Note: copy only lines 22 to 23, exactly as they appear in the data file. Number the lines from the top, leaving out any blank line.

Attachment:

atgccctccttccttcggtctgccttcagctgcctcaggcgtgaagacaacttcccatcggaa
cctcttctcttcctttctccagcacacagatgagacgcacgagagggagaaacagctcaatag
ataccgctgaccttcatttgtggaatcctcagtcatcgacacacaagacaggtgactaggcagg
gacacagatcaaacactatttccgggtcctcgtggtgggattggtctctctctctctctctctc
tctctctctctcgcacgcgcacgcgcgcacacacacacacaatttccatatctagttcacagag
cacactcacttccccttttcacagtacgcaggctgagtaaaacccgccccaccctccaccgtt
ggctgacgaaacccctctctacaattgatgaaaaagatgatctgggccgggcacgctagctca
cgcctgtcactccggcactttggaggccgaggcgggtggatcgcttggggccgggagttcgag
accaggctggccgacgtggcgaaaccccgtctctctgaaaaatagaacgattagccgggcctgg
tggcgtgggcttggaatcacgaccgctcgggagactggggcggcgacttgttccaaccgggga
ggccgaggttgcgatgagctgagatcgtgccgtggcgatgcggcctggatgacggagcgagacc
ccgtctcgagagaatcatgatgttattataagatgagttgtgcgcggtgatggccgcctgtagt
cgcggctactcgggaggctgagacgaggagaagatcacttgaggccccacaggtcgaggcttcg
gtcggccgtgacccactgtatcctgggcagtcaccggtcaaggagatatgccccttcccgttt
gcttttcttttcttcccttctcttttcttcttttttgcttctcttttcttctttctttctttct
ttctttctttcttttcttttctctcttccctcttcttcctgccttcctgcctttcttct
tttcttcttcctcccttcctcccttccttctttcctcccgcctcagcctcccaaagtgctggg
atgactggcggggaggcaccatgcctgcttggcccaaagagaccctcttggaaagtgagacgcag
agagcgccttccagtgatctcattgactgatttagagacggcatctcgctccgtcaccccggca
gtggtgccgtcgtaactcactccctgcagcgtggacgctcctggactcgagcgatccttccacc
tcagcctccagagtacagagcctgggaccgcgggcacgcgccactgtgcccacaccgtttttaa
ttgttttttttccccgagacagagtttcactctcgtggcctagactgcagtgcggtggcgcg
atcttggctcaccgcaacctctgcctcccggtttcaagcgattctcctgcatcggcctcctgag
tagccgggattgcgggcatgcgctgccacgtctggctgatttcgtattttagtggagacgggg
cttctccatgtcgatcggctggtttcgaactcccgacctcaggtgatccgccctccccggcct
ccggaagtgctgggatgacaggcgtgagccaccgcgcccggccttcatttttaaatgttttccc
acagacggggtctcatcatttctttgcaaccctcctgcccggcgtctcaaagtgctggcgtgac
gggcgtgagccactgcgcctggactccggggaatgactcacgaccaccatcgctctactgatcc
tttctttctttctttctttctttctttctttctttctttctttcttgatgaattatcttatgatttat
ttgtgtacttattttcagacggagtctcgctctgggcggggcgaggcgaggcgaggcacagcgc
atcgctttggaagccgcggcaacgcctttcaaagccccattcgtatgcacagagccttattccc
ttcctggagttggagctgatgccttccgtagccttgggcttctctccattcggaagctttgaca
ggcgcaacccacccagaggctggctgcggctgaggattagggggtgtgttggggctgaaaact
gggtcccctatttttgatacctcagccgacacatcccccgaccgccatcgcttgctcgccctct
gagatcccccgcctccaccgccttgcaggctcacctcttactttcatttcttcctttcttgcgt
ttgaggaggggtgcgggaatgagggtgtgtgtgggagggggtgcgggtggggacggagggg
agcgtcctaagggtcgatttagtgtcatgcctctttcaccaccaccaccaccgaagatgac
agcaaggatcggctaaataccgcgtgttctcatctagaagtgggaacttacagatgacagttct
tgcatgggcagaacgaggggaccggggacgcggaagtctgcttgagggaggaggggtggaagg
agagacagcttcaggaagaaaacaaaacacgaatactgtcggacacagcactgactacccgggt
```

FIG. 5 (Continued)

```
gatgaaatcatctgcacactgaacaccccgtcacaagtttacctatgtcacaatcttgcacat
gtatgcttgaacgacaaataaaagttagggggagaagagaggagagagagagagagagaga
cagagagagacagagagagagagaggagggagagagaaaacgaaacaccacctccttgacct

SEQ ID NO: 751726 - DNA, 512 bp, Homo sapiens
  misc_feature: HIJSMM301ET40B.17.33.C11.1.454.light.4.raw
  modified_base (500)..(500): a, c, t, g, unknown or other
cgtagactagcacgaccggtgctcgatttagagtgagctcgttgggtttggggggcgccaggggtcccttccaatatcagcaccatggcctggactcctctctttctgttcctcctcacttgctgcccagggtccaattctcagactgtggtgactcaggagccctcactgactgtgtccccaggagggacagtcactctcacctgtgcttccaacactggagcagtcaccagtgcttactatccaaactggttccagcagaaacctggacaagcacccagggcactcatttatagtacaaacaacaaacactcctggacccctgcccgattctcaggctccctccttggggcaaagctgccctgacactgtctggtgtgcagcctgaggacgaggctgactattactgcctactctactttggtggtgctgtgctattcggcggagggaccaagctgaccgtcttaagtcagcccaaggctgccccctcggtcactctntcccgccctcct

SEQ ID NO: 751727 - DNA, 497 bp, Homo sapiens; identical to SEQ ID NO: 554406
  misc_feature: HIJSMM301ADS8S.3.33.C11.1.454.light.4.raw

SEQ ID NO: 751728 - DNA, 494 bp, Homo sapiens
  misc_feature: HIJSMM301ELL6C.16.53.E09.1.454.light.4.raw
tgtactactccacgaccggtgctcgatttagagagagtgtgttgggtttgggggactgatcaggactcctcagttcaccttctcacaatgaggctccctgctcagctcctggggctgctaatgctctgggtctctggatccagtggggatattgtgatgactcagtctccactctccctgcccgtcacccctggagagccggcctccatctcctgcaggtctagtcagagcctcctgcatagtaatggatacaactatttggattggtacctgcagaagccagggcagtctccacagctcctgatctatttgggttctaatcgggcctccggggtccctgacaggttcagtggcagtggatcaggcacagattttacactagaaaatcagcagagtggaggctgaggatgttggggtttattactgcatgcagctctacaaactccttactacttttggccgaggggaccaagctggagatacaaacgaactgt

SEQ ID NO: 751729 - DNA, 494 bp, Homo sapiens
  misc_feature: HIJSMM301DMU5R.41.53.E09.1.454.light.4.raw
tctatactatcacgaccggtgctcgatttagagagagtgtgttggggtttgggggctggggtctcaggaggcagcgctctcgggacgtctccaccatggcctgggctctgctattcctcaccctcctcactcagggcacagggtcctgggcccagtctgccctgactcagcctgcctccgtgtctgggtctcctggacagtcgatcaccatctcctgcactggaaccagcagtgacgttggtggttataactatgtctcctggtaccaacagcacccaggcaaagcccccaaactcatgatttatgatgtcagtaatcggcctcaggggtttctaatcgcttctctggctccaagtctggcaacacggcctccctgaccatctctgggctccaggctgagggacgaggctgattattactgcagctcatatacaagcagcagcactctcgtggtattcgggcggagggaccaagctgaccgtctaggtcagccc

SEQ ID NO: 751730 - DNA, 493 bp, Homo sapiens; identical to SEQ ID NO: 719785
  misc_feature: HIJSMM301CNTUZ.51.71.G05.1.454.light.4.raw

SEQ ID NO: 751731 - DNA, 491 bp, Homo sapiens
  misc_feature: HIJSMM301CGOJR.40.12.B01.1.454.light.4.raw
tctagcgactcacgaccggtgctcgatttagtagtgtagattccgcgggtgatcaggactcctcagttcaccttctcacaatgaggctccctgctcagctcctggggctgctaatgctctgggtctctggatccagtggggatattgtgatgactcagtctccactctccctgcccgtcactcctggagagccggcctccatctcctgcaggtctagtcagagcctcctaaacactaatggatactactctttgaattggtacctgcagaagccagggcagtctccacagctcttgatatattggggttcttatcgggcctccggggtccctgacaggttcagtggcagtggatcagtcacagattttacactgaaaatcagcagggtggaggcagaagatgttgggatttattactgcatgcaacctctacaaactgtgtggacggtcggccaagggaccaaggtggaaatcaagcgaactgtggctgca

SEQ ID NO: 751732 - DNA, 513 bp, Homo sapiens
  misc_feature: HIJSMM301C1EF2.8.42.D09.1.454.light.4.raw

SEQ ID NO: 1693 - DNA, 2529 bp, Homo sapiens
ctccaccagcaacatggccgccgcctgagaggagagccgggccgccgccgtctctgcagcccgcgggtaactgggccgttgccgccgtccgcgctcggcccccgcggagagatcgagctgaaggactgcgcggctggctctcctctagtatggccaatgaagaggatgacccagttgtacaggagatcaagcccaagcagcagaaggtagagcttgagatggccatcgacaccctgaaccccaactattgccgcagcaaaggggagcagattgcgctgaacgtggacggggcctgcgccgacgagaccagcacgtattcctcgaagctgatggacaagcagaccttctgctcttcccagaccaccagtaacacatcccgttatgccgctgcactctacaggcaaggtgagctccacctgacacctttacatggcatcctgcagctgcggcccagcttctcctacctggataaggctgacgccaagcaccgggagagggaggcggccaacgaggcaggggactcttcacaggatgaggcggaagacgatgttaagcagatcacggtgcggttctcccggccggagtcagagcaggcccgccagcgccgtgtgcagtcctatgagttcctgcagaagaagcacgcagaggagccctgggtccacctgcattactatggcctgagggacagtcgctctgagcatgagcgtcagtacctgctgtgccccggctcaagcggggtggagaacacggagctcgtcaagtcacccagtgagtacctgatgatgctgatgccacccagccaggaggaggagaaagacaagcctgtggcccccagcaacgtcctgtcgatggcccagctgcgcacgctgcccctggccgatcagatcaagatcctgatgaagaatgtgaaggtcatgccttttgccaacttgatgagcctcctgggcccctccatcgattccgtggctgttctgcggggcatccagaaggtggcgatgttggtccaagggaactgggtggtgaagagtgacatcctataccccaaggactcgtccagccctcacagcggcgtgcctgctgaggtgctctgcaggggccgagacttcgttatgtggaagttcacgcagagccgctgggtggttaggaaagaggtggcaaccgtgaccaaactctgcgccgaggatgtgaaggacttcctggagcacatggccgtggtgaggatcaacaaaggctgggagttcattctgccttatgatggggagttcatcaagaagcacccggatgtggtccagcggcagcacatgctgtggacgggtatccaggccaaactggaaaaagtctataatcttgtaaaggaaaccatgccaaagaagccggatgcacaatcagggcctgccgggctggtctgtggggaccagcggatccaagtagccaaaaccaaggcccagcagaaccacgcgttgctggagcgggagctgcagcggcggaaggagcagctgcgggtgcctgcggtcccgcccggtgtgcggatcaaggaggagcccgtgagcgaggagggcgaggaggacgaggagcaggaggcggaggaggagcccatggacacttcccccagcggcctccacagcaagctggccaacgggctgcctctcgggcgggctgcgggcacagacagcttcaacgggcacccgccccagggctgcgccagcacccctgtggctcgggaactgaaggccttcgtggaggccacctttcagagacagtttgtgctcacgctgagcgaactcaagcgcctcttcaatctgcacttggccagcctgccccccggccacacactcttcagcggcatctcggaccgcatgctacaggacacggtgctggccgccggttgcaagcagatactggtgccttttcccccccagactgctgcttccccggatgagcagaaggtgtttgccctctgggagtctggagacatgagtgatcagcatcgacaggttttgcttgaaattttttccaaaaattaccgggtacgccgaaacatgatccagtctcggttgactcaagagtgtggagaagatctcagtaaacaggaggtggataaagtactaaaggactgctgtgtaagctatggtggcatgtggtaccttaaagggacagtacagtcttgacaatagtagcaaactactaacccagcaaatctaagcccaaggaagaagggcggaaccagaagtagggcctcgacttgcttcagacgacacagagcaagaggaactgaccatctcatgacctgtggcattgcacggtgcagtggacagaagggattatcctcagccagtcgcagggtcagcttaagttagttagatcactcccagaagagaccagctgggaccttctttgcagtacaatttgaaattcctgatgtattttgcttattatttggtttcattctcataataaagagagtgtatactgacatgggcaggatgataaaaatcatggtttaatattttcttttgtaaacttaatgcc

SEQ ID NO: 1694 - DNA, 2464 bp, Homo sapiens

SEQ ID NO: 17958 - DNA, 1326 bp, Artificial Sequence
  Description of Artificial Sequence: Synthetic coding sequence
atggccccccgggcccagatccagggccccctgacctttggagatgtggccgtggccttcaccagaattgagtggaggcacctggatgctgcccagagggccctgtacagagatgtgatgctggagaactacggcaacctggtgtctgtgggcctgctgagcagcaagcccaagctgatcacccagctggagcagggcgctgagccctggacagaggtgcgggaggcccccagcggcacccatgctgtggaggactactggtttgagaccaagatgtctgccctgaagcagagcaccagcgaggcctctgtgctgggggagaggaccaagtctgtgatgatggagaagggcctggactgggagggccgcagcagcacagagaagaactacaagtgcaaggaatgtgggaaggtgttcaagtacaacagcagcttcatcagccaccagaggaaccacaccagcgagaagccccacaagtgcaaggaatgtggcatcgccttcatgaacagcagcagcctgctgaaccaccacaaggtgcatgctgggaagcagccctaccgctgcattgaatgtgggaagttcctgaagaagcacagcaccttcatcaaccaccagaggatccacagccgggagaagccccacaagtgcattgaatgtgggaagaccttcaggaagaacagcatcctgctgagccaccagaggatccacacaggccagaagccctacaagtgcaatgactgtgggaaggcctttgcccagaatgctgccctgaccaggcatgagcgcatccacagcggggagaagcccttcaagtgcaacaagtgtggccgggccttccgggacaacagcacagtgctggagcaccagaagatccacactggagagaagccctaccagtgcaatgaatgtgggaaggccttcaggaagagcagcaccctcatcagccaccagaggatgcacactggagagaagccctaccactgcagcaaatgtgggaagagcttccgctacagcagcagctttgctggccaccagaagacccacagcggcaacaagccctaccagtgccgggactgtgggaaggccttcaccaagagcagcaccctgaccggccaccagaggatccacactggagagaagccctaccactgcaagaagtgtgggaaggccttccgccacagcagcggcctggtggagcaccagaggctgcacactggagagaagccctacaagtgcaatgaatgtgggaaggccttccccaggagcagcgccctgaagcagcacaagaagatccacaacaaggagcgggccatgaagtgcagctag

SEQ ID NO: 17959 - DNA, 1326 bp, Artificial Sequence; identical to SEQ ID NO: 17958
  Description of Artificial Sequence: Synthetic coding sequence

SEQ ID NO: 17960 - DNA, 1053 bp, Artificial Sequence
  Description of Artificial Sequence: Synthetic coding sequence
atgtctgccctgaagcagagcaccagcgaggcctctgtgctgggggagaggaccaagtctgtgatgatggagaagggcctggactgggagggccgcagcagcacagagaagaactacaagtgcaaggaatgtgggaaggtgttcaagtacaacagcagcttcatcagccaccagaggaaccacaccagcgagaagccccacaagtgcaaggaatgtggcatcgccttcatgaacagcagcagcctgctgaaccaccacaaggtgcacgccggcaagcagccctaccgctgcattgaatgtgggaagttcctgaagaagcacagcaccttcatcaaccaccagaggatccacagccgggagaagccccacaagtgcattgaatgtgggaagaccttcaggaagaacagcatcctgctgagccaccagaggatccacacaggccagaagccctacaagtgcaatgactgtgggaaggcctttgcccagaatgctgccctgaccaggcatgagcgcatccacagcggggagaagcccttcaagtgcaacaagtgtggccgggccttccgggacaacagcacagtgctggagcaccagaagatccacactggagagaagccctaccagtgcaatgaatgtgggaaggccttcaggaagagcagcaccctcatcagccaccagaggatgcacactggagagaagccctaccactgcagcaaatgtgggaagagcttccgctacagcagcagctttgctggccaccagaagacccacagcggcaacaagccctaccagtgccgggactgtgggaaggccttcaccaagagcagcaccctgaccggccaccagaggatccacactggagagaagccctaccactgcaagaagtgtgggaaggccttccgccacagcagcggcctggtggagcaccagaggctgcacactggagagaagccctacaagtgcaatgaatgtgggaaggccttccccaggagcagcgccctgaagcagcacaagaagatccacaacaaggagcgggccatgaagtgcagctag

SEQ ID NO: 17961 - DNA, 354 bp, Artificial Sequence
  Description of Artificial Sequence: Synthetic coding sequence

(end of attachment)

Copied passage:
ttgttttttttccccgagacagagtttcactctcgtggcctagactgcagtgcggtggcgcg
atcttggctcaccgcaacctctgcctcccggtttcaagcgattctcctgcatcggcctcctgag